My second lesson on happiness learned at WIAD 2015 Bucharest has everything to do with digital content and how multiple personality brands fail to manage it.
Those who know me know I’m all for good content and there are few things I would not do to convince a client why content is so important and why it needs to be treated with special attention. Therefore, it would have been impossible for me not to love Raluca Bailescu and Alexandra Enachescu’s daring presentation on digital content and multiple personality brands. I used “daring” because it’s not easy to publicly denounce (and for good reasons) the way some brands mistreat their content and customers.
MakeSense team’s analysis of the Romanian brands suffering from multiple personality brands should be nothing but a great free of charge lesson and a waking-up signal for the many ignorant stakeholders.
Publishing Means Taking Responsibility
Content is both a business asset and a long-term commitment. Unfortunately, not all stakeholders realize that content cannot take care of itself and requires ongoing care, development and update. In other words, they forget or maybe they do not even realize that once you promote your content online, you become a publisher, and like any good one you need to be ready to face criticism as well as positive feedback.
Most probably you’ve already met them! They see themselves as perfect, untouchable, otherwise, I wouldn’t understand why they are always talking about themselves – and not about their customers, using bombastic attributes such as the best, the most, outstanding or awesome, performance, exceptional results, etc. These brands still feel they can afford to be arrogant. Well, I have got news for you, amazing brands—Sanador in particular, that time is long gone!
Experts say these brands are lively, dramatic, vivacious, enthusiastic, and flirtatious. They are also associated with egocentrism, self-indulgence, continuous longing for appreciation, and persistent manipulative behaviour to achieve their own needs. Raluca brought to our attention Deichmann brand. Well, it’s true we haven’t seen traces of seductive or flirtatious behaviour, enthusiasm, quite the contrary we would say, but we did find good quality footwear for all ages, unbeatable prices, unmistakable positioning, and synergetic effects. I would only add that this is an unhappy way of expressing strong emotions with an impressionistic style and bad results.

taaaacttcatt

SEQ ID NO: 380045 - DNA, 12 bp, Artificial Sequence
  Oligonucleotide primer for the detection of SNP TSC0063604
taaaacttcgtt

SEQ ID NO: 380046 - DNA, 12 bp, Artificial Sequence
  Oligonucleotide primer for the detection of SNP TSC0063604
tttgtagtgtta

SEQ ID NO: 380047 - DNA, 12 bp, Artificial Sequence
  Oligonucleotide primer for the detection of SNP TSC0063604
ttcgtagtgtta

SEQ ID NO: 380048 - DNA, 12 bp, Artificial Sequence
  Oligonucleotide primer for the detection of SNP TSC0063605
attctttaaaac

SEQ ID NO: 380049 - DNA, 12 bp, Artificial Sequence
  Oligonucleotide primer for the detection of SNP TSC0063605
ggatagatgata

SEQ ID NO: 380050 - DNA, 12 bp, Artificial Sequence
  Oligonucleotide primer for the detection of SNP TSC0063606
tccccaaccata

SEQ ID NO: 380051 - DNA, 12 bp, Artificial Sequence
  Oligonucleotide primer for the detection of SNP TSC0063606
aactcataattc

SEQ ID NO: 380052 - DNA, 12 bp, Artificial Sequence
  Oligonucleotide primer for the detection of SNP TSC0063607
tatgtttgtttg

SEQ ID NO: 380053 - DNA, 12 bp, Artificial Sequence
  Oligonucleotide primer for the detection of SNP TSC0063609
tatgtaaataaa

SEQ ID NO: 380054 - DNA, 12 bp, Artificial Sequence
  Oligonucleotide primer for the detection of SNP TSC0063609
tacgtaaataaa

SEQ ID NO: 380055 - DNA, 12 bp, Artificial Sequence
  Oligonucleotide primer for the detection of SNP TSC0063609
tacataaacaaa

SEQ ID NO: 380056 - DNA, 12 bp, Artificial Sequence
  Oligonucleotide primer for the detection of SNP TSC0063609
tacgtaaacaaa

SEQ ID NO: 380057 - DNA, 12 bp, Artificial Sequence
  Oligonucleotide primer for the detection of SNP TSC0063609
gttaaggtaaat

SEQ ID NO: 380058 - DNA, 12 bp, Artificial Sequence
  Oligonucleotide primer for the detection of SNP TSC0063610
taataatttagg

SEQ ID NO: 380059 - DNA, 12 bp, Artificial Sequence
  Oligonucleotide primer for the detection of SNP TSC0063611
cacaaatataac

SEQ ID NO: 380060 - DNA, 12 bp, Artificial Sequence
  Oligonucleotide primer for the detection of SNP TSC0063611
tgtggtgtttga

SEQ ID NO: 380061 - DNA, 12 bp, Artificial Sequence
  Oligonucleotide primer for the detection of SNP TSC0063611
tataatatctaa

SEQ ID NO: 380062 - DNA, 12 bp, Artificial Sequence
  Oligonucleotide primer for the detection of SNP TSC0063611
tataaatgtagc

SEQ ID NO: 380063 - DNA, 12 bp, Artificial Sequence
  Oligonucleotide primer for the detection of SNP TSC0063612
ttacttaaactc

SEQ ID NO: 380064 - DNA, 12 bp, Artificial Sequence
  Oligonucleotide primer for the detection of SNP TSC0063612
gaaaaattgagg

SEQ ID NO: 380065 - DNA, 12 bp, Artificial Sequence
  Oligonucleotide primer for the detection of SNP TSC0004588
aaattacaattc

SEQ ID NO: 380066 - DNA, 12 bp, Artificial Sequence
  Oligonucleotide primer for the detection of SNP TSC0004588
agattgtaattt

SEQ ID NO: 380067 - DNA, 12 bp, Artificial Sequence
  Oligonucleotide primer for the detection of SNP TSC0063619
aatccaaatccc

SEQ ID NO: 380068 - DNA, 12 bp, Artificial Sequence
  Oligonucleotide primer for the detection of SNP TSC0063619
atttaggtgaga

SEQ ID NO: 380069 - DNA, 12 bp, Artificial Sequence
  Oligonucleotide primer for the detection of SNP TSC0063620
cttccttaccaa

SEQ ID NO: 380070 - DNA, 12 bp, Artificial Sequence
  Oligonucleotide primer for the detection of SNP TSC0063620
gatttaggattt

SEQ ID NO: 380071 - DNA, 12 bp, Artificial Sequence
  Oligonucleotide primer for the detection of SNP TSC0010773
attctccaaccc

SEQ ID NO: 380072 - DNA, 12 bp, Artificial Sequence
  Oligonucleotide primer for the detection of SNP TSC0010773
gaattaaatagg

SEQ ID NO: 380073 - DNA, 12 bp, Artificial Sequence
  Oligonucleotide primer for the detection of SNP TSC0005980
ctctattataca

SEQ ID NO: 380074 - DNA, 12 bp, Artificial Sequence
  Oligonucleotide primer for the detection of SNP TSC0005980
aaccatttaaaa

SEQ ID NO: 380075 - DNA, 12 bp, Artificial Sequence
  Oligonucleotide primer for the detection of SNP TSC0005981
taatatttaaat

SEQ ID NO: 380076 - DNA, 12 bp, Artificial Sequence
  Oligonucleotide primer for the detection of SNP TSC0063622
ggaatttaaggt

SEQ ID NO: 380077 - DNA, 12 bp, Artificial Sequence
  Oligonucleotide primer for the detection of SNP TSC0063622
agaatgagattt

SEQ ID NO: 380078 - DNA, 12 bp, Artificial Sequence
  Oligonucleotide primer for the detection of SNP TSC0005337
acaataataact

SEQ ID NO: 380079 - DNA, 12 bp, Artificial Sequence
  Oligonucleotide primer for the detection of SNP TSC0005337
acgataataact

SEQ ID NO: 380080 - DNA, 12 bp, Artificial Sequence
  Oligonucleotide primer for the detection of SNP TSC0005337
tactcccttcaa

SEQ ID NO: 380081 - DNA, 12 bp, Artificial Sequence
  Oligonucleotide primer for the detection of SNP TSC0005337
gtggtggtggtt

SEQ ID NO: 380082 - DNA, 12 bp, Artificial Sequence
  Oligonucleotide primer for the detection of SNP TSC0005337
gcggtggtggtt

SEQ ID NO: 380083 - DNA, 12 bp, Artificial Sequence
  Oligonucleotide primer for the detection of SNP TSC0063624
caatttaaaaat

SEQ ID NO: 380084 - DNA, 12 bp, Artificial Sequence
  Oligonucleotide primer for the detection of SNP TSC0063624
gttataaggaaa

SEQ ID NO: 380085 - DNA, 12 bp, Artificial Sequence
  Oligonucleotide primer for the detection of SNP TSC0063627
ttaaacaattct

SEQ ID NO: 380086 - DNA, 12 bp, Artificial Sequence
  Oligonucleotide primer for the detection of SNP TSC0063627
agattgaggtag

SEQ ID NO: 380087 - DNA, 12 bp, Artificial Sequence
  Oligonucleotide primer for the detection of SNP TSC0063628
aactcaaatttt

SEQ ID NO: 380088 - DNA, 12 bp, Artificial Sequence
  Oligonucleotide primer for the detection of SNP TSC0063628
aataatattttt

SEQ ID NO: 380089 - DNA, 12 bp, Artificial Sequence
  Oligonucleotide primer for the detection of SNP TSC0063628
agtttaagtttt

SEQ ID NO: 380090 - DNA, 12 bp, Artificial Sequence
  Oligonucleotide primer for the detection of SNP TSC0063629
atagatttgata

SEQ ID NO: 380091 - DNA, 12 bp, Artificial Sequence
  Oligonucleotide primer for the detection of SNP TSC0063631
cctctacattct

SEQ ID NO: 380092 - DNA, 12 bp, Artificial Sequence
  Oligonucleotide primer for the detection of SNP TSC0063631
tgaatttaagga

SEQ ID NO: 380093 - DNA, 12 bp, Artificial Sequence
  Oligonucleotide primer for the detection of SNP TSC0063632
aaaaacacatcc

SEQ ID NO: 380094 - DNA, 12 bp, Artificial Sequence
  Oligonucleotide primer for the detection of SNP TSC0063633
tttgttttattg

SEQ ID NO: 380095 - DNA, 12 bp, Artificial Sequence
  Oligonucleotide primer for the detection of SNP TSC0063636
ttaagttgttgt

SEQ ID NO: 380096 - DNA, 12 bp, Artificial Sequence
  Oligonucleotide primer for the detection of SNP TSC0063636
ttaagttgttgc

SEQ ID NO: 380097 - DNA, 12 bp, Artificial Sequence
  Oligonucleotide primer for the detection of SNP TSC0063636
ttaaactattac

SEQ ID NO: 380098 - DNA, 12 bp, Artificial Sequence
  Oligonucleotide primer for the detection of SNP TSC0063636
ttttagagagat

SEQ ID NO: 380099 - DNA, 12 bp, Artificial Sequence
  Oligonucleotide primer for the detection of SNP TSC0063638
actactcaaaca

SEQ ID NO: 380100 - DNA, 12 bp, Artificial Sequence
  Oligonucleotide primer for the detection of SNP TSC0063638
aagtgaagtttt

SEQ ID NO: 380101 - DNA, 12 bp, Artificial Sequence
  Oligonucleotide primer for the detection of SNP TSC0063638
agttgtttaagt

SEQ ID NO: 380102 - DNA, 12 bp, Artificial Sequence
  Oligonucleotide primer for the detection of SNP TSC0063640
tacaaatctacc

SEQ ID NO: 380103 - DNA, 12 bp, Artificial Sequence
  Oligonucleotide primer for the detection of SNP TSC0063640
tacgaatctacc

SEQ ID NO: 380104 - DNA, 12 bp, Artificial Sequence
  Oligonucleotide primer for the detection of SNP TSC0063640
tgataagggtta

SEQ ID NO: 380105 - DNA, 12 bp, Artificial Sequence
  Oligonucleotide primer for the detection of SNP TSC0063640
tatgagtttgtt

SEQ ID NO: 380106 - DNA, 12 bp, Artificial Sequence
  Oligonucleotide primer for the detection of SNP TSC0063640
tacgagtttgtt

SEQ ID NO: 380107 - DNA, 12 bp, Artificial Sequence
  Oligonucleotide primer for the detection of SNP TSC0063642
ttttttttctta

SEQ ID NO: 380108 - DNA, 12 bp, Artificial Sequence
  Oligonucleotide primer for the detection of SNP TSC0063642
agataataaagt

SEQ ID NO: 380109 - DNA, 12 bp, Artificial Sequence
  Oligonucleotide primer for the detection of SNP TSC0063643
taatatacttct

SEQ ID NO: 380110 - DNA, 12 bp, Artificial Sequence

Also known as an emotionally unstable personality disorder. Brands suffering from this disorder are characterized by impulsivity, instability, and lack of consistency. These patterns occur across a variety of situations and contexts, including online channel. In this last case, what happens is that you can easily see that there’s no alignment between their digital content and the self-declared brand values. I seriously doubt that Coana Chiva—the middle age lady born and raised in the traditional Romanian village, an expert in milky topics such as cheese and yoghurt, would walk, talk and be interested in getting a sylphlike silhouette she can show off on the Mediterranean beaches.
Yes, we do have a broad brand offering, including antisocial ones. What characterizes them is a pervasive pattern of disregard for, or violation of, the rights of others. They can display impulsive or aggressive behaviour; they can easily ignore others’ opinions; basically, they do not seem to care about anything or anyone. Raluca and Alexandra’s choice was a well-known financial brand, namely Raiffeisen Bank. The examples proved that even successful brands turn a deaf ear to customers’ feedback by ignoring their complaints or show a lack of respect when using the odd RomEn (aka Romanian & English) language.
The last but not least important, obsessive-compulsive brands’ own intrusive thoughts generate uneasiness, apprehension, fear or worry (obsessions), repetitive behaviours aiming to reduce anxieties (compulsions), or a combination of such obsessions and compulsions. They tend to be rigid, unapproachable, and difficult to understand. And that’s exactly what Cargus, a Romanian courier, does when using a difficult to understand language or irrelevant sentences, or by not providing all the information a user needs to know before sending a package.
The good news for all these brands suffering from acute multiple personality disorder is that there is hope. There are many pills available, they just need to see the right doctor… it may be an agency who understands brand values, gets users and knows what it takes to be successful with social media. Or, it may be a class, a course you can send your team to learn. MakesSense and GROW are two doctors I highly recommend.
Multiple Personality Brands & Happiness
Are you still thinking about what’s so happy about this story? Here’s my answer to you. Happiness is also about being honest, fair and staying true to yourself. You do not often see agencies taking the risk of losing a potential client just because they want to speak their mind. Raluca & Alexandra, you’ve done the right thing! Chapeau!